🔼The name Hazar-shual: Summary
- Village Of The Fox
- From (1) the noun חצר (haser), village, and (2) the noun שועל (shu'al), fox or jackal.
🔼The name Hazar-shual in the Bible
There is only one village named Hazar-shual in the Bible. This village was situated in the south of the territory of Judah, close to the border with Edom (Joshua 15:28). When the landless tribe of Simeon had to be housed in Judah, several towns of Judah were given to Simeon, and Hazar-shual was one of them (Joshua 19:3, 1 Chronicles 4:28). After the return from the Babylonian exile, Hazar-shual was repeopled by families from Judah (Nehemiah 11:27).
🔼Etymology of the name Hazar-shual
The name Hazar-shual obviously consists of two elements. The first part is the noun חצר (haser), meaning village:
The verb חצר (hasar) relates to the first visual manifestations of a gathering or emergence of some sort: to begin to cluster or gather or emerge.
The noun חציר (hasir) means grass, which is the first plant to sprout after, say, a fire. Noun חציר (hasir) means leek (a bigger version of grass) and חצצרה (hasosra) means trumpet, i.e. the perhaps leek-like instrument with which a gathering of humans is instigated.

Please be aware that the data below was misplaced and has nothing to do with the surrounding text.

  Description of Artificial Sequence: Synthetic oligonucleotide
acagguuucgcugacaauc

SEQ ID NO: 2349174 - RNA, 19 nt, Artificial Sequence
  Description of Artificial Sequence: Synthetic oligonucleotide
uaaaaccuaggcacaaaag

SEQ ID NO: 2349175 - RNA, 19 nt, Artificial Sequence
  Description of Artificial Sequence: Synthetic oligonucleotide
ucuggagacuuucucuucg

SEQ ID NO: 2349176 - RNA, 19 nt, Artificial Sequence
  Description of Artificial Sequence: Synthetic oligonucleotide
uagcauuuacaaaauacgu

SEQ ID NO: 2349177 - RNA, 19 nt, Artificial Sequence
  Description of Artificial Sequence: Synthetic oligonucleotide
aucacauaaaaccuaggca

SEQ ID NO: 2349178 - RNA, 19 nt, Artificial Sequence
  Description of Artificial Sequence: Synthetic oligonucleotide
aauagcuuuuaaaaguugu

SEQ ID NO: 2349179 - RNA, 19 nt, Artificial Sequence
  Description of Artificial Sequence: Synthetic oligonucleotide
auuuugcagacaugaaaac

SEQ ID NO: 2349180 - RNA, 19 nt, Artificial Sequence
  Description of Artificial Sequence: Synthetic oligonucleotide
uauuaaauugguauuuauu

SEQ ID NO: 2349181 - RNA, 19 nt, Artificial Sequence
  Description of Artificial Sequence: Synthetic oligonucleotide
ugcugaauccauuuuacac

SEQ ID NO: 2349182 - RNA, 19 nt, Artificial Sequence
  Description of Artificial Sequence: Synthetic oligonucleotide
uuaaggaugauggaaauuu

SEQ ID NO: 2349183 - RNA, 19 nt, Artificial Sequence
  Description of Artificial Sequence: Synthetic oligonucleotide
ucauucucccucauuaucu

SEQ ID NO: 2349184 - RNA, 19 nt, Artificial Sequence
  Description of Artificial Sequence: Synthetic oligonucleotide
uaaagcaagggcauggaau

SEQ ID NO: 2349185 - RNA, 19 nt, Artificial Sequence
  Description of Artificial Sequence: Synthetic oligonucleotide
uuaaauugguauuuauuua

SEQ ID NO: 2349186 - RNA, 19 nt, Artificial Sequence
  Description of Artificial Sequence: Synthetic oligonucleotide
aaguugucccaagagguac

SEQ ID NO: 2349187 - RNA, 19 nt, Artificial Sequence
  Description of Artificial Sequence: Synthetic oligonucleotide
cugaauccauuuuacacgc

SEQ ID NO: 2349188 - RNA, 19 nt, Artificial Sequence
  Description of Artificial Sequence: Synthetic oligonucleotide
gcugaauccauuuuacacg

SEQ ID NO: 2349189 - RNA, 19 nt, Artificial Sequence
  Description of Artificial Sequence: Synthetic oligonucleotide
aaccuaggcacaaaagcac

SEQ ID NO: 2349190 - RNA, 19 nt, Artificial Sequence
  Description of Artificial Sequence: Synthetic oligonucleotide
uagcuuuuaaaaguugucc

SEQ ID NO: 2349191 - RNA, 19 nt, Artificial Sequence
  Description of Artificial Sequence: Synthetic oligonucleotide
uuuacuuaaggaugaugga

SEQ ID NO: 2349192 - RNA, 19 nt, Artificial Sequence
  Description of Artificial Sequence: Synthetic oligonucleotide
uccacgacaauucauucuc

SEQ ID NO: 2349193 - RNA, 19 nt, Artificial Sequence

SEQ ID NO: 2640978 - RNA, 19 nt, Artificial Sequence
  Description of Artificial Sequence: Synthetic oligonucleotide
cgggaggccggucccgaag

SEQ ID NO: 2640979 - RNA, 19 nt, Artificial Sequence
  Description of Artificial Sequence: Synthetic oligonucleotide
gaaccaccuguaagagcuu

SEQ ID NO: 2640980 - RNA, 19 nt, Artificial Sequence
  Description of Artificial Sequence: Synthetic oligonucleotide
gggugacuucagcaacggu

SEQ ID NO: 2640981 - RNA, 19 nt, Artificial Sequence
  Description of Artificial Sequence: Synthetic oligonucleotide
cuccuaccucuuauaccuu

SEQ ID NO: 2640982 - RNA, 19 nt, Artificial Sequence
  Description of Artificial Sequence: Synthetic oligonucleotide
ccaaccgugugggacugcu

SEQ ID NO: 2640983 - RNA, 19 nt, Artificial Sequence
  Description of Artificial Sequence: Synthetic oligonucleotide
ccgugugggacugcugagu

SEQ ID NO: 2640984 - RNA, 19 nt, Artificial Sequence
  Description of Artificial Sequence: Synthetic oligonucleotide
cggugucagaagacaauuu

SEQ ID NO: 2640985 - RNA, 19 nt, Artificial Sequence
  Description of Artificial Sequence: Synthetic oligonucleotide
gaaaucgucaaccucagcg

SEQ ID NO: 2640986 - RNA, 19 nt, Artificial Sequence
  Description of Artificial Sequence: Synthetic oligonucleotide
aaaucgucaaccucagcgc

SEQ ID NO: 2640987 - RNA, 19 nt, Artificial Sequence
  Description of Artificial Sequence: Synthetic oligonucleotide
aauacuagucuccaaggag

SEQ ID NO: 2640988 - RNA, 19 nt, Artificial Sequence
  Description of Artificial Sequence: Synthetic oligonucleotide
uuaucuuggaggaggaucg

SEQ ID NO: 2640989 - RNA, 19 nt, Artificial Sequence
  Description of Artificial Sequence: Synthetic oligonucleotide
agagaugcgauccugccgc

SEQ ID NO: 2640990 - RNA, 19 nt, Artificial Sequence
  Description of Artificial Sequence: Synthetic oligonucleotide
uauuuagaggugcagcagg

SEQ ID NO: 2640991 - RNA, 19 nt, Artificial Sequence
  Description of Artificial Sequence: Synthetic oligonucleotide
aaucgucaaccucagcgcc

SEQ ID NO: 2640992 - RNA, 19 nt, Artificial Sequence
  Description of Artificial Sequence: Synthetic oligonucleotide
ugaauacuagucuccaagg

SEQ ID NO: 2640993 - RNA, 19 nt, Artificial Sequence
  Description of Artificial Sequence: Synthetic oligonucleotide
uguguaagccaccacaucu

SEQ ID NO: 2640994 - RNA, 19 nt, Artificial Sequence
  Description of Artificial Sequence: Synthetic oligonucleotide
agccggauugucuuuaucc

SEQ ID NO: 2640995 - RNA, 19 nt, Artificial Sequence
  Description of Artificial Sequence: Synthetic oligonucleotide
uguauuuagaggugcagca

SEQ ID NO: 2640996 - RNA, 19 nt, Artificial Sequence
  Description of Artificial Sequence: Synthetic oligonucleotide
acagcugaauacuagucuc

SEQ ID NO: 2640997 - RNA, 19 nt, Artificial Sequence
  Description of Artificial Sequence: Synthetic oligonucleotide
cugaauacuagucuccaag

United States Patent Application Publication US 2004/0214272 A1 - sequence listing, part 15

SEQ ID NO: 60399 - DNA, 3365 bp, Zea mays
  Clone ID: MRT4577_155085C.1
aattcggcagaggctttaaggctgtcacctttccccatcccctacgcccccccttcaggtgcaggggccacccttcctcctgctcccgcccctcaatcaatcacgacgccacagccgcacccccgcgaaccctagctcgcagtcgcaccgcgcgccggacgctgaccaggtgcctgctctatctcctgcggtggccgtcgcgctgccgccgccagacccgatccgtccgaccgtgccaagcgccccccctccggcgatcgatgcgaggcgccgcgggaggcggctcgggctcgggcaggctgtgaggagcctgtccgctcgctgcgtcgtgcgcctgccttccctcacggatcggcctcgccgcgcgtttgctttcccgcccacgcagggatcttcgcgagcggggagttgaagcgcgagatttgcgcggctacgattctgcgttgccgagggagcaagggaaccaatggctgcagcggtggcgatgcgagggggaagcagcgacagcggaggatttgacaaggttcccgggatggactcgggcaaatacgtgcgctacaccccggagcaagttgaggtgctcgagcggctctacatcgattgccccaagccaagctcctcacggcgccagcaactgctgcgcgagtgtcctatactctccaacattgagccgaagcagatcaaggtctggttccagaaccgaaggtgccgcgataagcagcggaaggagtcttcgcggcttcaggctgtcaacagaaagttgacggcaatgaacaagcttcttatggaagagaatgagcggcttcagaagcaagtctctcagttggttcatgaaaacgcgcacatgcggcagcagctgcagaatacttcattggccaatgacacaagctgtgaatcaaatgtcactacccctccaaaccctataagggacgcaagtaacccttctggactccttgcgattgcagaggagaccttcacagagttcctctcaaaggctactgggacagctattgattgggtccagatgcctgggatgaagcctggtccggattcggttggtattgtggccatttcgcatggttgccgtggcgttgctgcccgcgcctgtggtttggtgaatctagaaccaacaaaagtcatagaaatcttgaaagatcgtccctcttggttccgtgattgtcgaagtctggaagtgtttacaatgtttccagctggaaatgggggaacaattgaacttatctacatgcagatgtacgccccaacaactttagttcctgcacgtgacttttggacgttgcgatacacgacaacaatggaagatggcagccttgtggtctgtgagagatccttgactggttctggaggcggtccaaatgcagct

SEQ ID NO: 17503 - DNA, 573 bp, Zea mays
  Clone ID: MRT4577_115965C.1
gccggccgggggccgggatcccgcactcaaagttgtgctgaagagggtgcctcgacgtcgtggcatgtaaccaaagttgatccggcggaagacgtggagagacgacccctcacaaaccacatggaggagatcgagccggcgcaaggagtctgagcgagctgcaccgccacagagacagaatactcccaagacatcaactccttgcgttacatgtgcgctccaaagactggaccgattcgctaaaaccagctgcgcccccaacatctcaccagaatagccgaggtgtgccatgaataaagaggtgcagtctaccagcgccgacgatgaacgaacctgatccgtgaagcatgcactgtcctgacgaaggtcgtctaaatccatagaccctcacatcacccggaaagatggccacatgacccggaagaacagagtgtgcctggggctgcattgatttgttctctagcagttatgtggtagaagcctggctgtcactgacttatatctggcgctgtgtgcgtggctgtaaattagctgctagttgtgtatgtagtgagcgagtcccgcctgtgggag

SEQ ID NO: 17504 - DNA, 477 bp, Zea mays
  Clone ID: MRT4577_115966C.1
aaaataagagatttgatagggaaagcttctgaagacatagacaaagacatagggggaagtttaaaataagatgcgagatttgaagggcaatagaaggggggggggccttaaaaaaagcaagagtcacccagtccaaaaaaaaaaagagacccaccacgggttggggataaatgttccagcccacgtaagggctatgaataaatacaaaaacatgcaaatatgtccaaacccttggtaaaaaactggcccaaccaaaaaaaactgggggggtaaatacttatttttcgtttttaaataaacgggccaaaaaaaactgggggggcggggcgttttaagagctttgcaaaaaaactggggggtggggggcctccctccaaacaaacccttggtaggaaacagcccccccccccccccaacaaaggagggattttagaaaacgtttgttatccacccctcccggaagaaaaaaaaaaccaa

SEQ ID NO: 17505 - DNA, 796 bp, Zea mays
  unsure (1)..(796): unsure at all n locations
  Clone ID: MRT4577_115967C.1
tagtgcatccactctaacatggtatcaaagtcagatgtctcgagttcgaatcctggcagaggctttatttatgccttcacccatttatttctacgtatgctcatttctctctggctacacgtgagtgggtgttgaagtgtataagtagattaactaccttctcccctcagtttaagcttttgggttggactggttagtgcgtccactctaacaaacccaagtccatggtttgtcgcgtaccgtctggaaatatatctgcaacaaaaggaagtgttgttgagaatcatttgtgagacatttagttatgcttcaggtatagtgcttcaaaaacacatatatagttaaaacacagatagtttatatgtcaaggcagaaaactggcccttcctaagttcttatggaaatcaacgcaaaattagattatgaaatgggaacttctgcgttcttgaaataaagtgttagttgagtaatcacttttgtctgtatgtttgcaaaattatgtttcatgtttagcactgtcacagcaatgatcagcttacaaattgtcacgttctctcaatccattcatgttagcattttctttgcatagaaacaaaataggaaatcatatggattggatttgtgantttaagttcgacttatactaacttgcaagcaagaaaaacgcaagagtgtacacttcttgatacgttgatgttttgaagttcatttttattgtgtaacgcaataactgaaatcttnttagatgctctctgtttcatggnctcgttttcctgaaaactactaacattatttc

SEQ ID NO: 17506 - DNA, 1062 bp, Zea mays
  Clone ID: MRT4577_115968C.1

The noun חצר (haser) denotes a hamlet or settlement or loose, rudimentary federation; the initial beginning of what some day might become a village or even a city. Noun חצר (haser) refers to an enclosure in the architectural sense, or even a court in the sense of it being a place where people loosely gather.
The second part of our name is the same as the noun שועל (shu'al), meaning fox or jackal:
The unused verb שעל (sha'al) probably had to do with being low or concave. Its derived nouns are used a mere few times: noun שעל (sho'al) appears to describe a cupped or hollow hand and noun משעול (mish'ol) apparently describes a hollow road between vineyards. Noun שועל (shu'al) describes a fox or jackal, which was apparently proverbially known as a hollow-backed, sneaky, begging low life.
For a meaning of the name Hazar-shual, NOBSE Study Bible Name List reads Fox Village, and Jones' Dictionary of Old Testament Proper Names has Village Of The Fox. BDB Theological Dictionary does not interpret Hazar-shual but does list it under the noun חצר (haser).